International Financial Integration, Sovereignty, and Constraints on Macroeconomic Policies
  • 1 0000000404811396https://isni.org/isni/0000000404811396International Monetary Fund

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Author(s) E-Mail Address: kkletzer@ucsc.edu

This paper considers the consequences of international financial market integration for national fiscal and monetary policies that derive from the absence of an international sovereign authority to define and enforce contractual obligations across borders. The sovereign immunity of national governments serves as a fundamental constraint on international finance and is used to derive intertemporal budget constraints for sovereign nations and their governments. It is shown that the appropriate debt limit for a country allows for state-contingent repayment. With noncontingent debt instruments, debt renegotiation occurs in equilibrium with positive probability. A model of tax smoothing is adopted to show how information imperfections lead to conventional bond contracts that are renegotiated when a critical level of indebtedness is reached. Renegotiation is interpreted in terms of nominal and real denominated bonds, and implications are drawn about the intertemporal borrowing constraint for monetary policies, the accumulation of reserve assets, and current account sustainability.

Abstract

This paper considers the consequences of international financial market integration for national fiscal and monetary policies that derive from the absence of an international sovereign authority to define and enforce contractual obligations across borders. The sovereign immunity of national governments serves as a fundamental constraint on international finance and is used to derive intertemporal budget constraints for sovereign nations and their governments. It is shown that the appropriate debt limit for a country allows for state-contingent repayment. With noncontingent debt instruments, debt renegotiation occurs in equilibrium with positive probability. A model of tax smoothing is adopted to show how information imperfections lead to conventional bond contracts that are renegotiated when a critical level of indebtedness is reached. Renegotiation is interpreted in terms of nominal and real denominated bonds, and implications are drawn about the intertemporal borrowing constraint for monetary policies, the accumulation of reserve assets, and current account sustainability.

I. Introduction

International financial integration restricts the capacity of national authorities to use fiscal, financial, and monetary policies to influence domestic economic performance. In an integrated financial market, government debt competes for world savings and fiscal authorities do not enjoy a captive supply of domestic savings for financing public expenditures. Lax financial sector policies can be severely punished by international financial markets, and external real and monetary disturbances impact monetary policymaking. International financial integration can eliminate opportunities for financial repression in liberalizing economies, exposing public finance and monetary policies to the discipline of a competitive capital market. On the other hand, global capital market integration can broaden the base for generating revenues from seigniorage and unanticipated inflation taxes for advanced industrialized economies.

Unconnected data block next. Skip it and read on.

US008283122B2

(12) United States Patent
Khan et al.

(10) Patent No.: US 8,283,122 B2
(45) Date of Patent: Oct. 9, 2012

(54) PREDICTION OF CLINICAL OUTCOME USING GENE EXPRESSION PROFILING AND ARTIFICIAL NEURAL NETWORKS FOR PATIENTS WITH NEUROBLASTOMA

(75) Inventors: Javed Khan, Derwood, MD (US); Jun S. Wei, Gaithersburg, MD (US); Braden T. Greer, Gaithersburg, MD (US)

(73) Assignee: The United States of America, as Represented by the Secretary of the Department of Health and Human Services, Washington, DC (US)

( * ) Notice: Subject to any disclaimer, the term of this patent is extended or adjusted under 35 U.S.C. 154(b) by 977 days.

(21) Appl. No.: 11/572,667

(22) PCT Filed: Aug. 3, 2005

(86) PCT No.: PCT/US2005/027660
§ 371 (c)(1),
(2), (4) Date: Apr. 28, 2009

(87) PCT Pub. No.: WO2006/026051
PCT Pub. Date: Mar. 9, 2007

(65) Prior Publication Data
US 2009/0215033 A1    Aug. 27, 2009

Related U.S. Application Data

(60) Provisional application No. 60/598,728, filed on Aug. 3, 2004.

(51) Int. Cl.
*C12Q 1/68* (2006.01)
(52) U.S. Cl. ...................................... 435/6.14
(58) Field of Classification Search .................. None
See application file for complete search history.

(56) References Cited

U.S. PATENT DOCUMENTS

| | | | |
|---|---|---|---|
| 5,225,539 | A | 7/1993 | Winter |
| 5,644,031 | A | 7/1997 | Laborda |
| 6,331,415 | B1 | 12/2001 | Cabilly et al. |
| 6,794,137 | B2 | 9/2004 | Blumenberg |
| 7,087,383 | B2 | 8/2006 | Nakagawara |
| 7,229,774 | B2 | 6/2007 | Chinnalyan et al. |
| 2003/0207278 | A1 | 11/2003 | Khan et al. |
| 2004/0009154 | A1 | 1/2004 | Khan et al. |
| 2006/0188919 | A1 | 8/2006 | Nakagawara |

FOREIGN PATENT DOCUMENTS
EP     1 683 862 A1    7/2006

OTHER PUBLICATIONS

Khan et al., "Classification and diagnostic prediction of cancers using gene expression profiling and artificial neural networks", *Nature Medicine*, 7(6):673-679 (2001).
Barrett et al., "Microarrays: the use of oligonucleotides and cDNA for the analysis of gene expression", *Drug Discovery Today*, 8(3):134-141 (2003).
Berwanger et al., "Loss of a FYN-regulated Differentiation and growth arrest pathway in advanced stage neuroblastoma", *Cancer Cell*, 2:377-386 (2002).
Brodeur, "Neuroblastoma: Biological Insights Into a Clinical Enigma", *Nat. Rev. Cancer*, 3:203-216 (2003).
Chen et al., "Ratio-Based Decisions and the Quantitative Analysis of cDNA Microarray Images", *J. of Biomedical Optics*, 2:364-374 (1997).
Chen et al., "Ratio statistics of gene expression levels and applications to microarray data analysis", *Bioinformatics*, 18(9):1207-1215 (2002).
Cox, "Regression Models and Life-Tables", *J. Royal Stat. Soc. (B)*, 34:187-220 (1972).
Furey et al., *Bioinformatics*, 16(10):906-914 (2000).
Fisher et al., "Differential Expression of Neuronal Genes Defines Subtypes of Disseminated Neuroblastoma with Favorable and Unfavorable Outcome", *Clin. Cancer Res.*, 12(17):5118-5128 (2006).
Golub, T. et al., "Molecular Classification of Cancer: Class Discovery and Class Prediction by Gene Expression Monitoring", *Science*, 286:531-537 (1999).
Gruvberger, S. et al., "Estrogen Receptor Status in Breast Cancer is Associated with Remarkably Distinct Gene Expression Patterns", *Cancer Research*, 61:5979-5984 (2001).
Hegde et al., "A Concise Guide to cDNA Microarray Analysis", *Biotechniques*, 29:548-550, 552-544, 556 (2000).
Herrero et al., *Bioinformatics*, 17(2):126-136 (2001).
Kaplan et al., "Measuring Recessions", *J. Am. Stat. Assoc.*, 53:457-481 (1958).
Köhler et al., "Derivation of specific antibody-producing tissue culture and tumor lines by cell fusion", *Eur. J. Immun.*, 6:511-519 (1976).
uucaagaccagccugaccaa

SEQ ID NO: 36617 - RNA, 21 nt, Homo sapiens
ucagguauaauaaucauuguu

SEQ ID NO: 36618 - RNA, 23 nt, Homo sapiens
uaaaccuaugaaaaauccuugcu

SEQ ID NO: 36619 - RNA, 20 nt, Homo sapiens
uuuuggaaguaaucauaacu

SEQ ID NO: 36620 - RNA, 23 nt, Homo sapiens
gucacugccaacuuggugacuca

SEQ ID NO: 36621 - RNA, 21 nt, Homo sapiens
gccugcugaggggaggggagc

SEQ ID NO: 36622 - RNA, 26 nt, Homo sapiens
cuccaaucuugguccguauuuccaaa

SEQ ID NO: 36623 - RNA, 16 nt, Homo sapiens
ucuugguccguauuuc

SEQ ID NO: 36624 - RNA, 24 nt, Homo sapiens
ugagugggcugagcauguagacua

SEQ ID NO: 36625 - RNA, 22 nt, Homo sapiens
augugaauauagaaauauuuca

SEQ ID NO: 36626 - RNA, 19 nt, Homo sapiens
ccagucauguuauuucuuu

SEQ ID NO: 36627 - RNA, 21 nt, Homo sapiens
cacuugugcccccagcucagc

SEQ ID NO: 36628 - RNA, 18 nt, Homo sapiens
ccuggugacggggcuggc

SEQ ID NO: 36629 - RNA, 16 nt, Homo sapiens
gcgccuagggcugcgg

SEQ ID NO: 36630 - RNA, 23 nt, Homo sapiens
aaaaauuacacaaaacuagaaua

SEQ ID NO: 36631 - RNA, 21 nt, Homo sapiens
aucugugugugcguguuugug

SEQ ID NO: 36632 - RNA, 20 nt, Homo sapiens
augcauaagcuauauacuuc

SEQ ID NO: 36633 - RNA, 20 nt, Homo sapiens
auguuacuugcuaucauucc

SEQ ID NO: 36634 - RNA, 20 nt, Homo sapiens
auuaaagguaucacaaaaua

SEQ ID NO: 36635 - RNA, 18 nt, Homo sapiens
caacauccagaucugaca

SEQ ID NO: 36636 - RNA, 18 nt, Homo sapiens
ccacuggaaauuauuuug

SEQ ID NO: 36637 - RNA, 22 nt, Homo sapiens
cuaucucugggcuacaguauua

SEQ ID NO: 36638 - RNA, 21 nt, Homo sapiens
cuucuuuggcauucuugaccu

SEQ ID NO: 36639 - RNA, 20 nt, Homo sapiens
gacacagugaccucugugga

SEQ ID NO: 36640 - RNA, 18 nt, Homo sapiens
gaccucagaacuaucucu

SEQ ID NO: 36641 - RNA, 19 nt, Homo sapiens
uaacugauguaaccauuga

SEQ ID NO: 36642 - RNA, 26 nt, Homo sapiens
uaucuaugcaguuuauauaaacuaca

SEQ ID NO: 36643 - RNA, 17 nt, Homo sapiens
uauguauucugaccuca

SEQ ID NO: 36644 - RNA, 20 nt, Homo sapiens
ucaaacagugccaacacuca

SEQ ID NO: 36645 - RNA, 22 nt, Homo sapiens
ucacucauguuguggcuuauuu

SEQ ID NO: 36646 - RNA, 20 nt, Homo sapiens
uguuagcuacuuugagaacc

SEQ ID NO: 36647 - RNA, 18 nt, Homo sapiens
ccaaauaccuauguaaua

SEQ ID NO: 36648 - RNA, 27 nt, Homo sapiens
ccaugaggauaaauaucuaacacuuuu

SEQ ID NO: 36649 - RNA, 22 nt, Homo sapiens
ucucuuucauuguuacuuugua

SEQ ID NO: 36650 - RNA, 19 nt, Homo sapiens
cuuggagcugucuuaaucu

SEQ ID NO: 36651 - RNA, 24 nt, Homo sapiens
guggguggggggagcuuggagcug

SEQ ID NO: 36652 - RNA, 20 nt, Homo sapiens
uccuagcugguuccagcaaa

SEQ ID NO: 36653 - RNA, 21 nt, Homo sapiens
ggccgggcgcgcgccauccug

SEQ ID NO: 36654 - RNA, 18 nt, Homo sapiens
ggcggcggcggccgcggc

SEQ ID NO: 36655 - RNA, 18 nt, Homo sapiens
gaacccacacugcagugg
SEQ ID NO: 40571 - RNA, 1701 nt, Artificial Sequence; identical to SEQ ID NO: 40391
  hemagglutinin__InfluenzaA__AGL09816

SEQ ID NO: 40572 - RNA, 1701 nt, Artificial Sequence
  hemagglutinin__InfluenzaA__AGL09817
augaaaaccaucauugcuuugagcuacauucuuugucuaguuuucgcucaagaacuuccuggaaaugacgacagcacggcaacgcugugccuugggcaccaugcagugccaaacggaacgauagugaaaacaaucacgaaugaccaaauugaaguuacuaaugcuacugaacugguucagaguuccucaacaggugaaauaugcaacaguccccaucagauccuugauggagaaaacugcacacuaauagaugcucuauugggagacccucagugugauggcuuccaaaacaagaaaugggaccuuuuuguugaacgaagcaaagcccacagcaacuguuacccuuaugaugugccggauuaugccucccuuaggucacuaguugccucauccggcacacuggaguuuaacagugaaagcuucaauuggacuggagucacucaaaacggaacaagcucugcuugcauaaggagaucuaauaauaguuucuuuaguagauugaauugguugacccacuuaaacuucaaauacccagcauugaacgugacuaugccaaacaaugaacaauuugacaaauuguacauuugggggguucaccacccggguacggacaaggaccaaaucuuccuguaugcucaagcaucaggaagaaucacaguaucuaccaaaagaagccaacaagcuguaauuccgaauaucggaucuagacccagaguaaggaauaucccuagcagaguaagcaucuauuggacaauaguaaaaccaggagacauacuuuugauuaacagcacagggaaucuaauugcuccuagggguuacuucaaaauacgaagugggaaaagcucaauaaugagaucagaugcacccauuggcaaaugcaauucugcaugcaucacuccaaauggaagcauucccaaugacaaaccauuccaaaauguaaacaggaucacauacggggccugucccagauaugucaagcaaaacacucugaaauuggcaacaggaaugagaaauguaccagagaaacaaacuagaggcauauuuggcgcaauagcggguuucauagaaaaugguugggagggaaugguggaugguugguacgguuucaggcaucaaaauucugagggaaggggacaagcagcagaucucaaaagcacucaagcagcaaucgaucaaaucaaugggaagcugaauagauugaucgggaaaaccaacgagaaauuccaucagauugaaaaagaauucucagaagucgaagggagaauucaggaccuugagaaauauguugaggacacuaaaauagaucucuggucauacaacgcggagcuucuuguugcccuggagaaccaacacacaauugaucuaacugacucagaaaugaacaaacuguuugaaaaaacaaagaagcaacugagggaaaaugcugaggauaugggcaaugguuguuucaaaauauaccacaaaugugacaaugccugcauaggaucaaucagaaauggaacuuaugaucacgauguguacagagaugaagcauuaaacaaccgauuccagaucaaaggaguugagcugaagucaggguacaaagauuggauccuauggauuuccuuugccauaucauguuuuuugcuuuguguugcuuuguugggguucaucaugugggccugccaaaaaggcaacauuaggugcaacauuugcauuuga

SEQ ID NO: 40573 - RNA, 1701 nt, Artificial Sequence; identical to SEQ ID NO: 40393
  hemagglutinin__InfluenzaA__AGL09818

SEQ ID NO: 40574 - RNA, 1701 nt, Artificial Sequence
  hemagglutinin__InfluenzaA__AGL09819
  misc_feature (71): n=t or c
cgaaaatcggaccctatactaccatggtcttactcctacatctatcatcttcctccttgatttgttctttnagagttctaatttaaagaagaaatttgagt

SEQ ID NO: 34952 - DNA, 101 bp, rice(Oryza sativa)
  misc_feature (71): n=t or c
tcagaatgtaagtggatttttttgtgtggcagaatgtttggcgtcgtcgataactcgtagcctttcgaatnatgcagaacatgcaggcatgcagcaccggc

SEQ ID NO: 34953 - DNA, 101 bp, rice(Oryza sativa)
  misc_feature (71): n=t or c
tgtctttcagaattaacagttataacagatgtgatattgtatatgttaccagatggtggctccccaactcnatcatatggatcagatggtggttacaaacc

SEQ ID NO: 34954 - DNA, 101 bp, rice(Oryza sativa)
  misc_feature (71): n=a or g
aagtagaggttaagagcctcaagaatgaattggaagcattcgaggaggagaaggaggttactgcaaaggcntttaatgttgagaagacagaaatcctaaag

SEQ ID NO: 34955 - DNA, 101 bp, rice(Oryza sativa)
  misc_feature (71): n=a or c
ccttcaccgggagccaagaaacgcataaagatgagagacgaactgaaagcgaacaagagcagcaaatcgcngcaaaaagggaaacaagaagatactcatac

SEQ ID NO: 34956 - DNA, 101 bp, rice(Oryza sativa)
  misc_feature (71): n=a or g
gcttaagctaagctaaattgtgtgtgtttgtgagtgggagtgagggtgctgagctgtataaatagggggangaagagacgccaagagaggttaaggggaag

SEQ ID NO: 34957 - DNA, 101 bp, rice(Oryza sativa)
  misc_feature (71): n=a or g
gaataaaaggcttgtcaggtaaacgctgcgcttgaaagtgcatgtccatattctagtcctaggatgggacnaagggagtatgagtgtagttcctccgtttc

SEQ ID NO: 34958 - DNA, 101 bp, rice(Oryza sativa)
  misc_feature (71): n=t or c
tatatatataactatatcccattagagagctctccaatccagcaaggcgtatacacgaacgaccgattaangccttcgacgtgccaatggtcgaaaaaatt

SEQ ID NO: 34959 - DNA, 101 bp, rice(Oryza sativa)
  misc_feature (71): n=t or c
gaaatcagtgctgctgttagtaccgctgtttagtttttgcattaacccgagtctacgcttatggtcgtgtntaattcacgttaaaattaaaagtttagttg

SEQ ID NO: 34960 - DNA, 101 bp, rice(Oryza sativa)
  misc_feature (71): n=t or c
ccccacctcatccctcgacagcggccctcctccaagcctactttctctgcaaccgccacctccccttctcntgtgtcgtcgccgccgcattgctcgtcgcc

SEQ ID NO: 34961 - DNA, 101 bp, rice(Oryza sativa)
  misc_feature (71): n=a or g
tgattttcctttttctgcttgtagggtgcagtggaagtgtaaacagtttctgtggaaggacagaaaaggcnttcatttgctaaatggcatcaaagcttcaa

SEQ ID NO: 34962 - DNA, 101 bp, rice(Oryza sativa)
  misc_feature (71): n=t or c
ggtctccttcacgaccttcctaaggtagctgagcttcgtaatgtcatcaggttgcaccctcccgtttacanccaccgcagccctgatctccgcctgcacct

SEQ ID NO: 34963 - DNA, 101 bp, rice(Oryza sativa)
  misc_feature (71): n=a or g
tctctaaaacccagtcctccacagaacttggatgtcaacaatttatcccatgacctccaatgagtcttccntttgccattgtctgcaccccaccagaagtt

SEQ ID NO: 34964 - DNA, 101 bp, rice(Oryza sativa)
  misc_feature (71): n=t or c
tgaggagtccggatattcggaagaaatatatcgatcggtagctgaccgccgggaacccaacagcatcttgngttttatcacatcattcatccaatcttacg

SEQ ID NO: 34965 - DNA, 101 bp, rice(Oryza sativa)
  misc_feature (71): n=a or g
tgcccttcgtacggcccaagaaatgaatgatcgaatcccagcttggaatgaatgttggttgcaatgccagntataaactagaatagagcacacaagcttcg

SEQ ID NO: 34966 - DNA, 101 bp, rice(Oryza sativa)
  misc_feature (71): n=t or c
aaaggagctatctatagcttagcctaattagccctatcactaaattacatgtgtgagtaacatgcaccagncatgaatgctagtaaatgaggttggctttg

This paper considers the appropriate constraints on national fiscal and monetary policies in an integrated financial market that derive from the absence of an international sovereign authority to define and enforce contractual obligations across borders. International public borrowing is possible to the extent that debt issuers restrain their exercise of sovereign immunity. While sovereign immunity may be waived with regard to debtor assets abroad, it is not waived with regard to domestic policy, legislation, and enforcement. Sovereign immunity protects a debtor government’s power to tax sources of income and wealth within national borders. The enforcement of private contracts between parties subject to different national jurisdictions also requires the enlightened self-interest of sovereign governments.

Sovereign immunity is used as a fundamental assumption to derive intertemporal budget constraints for sovereign nations and their governments. The capacity to finance current aggregate consumption, investment, and government expenditures from global savings is determined endogenously given that a national government acts only in the interest of its constituents while recognizing the consequences of its actions for future transactions and international cooperation. Limits on public debt and deficits are derived in a tax-smoothing model by finding an efficient global equilibrium with international financial flows constrained by borrower sovereign immunity and the willing participation of private creditors. The securities issued by sovereigns are also endogenously determined; that is, the completeness or incompleteness of securities markets is determined in self-enforcing equilibria with and without restrictions on the information available to potential creditors.